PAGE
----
4-Patents: Rockefeller Foundation promotes "IP policies fairer to poor people"
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TITLE: Rockefeller Foundation initiative to promote intellectual property
(IP) policies fairer to poor people
SOURCE: Rockefeller Foundation, USA
DATE: Nov 4, 2002
------------------ archive: http://www.gene.ch/genet.html ------------------
Rockefeller Foundation initiative to promote intellectual property (IP)
policies fairer to poor people
NEW YORK, November 4, 2002 - Recognizing that emerging international
intellectual property (IP) policies do not adequately reflect or respond to
the concerns of poor people and developing countries, the Rockefeller
Foundation (www.rockfound.org) has begun a multi-year initiative to support
the emergence of fairer, development-oriented IP policies. As part of this
new initiative the Foundation is launching this week a three-year series of
meetings at its international conference center in Northern Italy to focus
attention on neglected development perspectives on IP policy.
The Foundation will support the call for a more balanced international IP
policy framework by supporting initiatives to deepen analysis of the range
of possible IP policy options, demonstrate innovative practical approaches
to IP, build leadership among developing countries, NGOs and community
groups, and broadening participation in international IP policymaking.
Improving lives and livelihoods
"Through the work of our grantee organizations, the Foundation will pursue
IP policies that protect poor consumers against rising costs of vital
technologies," said Gordon Conway, president of the Rockefeller Foundation.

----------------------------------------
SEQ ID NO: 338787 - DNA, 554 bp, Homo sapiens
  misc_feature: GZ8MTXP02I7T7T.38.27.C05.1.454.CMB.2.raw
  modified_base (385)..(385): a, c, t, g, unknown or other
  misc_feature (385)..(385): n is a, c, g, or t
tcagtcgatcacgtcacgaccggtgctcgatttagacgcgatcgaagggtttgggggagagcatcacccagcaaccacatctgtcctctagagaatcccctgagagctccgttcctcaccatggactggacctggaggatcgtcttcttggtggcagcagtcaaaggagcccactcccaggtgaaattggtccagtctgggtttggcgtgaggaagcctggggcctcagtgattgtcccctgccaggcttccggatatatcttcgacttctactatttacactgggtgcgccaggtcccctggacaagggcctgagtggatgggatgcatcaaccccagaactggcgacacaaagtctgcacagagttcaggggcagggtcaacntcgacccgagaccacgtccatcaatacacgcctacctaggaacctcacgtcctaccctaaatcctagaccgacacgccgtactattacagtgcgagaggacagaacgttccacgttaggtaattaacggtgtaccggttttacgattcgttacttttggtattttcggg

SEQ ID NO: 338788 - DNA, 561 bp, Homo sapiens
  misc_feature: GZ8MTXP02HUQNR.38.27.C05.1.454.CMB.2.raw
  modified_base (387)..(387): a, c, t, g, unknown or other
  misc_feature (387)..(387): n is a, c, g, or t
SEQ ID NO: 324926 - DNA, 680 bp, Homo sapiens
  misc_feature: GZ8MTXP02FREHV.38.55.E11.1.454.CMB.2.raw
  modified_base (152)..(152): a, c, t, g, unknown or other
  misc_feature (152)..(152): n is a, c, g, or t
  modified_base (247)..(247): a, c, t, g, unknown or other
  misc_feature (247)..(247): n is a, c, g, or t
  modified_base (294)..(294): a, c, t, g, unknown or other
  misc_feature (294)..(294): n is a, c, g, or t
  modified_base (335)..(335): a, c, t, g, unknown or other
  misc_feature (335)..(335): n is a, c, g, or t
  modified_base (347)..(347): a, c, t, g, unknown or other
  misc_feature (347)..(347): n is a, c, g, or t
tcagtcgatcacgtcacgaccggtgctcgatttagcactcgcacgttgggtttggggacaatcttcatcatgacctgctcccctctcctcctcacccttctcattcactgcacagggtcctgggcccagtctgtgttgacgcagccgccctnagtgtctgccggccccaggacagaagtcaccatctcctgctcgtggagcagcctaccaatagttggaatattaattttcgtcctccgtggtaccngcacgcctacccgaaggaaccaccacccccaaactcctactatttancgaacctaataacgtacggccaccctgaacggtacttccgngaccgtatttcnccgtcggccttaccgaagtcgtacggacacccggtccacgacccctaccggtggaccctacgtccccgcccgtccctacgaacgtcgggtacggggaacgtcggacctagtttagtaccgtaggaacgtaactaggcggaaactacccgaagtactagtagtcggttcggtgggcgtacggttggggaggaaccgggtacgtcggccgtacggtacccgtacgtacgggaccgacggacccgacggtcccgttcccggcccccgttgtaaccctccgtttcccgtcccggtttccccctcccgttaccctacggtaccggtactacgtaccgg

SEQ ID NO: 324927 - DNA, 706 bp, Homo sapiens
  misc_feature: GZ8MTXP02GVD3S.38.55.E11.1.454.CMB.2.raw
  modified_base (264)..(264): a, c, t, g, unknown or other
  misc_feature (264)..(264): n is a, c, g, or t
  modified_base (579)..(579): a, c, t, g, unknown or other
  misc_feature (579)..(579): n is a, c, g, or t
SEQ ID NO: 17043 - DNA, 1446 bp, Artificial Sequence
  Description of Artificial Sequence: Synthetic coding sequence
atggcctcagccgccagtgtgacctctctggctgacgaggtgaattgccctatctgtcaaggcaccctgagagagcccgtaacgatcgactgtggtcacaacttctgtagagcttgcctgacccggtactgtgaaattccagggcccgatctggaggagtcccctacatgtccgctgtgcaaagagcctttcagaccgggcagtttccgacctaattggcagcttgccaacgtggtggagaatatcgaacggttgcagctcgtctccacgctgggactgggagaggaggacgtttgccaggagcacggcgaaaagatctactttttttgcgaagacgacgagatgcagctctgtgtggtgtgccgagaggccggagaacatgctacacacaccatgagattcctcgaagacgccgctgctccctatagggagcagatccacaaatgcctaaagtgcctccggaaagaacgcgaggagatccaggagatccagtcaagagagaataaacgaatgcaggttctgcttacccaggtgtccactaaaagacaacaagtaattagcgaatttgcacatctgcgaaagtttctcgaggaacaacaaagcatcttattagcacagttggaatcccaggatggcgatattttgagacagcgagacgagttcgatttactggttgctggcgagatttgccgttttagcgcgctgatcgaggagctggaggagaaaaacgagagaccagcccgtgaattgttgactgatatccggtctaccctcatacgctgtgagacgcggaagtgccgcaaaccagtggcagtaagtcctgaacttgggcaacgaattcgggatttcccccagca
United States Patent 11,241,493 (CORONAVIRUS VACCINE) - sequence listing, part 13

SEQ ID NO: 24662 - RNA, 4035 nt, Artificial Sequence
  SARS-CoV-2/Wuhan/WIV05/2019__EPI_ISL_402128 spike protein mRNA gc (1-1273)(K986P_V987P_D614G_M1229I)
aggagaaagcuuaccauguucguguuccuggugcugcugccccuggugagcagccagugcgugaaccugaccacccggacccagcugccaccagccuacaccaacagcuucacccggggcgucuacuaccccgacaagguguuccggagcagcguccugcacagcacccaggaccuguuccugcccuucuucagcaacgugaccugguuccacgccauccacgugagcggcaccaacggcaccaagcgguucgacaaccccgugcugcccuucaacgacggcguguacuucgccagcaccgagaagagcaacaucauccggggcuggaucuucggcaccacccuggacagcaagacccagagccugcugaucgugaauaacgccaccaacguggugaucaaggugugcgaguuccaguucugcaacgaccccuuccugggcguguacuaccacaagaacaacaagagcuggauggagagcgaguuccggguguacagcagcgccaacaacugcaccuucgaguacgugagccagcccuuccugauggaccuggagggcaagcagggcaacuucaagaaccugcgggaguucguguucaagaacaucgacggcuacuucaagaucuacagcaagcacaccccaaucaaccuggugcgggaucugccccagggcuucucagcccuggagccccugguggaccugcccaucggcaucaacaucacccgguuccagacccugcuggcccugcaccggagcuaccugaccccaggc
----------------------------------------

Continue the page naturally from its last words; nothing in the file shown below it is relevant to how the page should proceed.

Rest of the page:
"Technologies, such as new drugs and improved seed varieties, are crucial
to combating disease, alleviating hunger and reducing poverty. But the poor
can only benefit from these technologies if they are affordable. This
depends on removing the restrictions imposed by current Intellectual
By working for IP policies that defend the sharing of knowledge,
information, and research among scientists, inventors, farmers, and
creators, Rockefeller Foundation grantees will help sustain a vital
precondition for innovation. A component of the work will target
marginalized constituencies, supporting efforts to protect poor rural
farmers, indigenous communities and developing-country scientists from
unauthorized or unfairly compensated use of their knowledge. The
Rockefeller Foundation hopes that its efforts will contribute to maximizing
the flexibility of developing countries to devise national IP policies that
advance their sustainable development objectives.
Fostering a pro-poor IP policy agenda
To complement its grantmaking efforts, the Rockefeller Foundation is also
launching a three-year series of consultations and workshops, the Bellagio
Series on Development and Intellectual Property Policy. The Bellagio Series
will provide a venue for developing country policymakers, scientists, and
civil society groups to share and critically examine neglected development-
oriented IP policy options, develop political strategies, and review
broader approaches to promoting development and innovation. By providing
opportunities for historically marginalized actors and promising new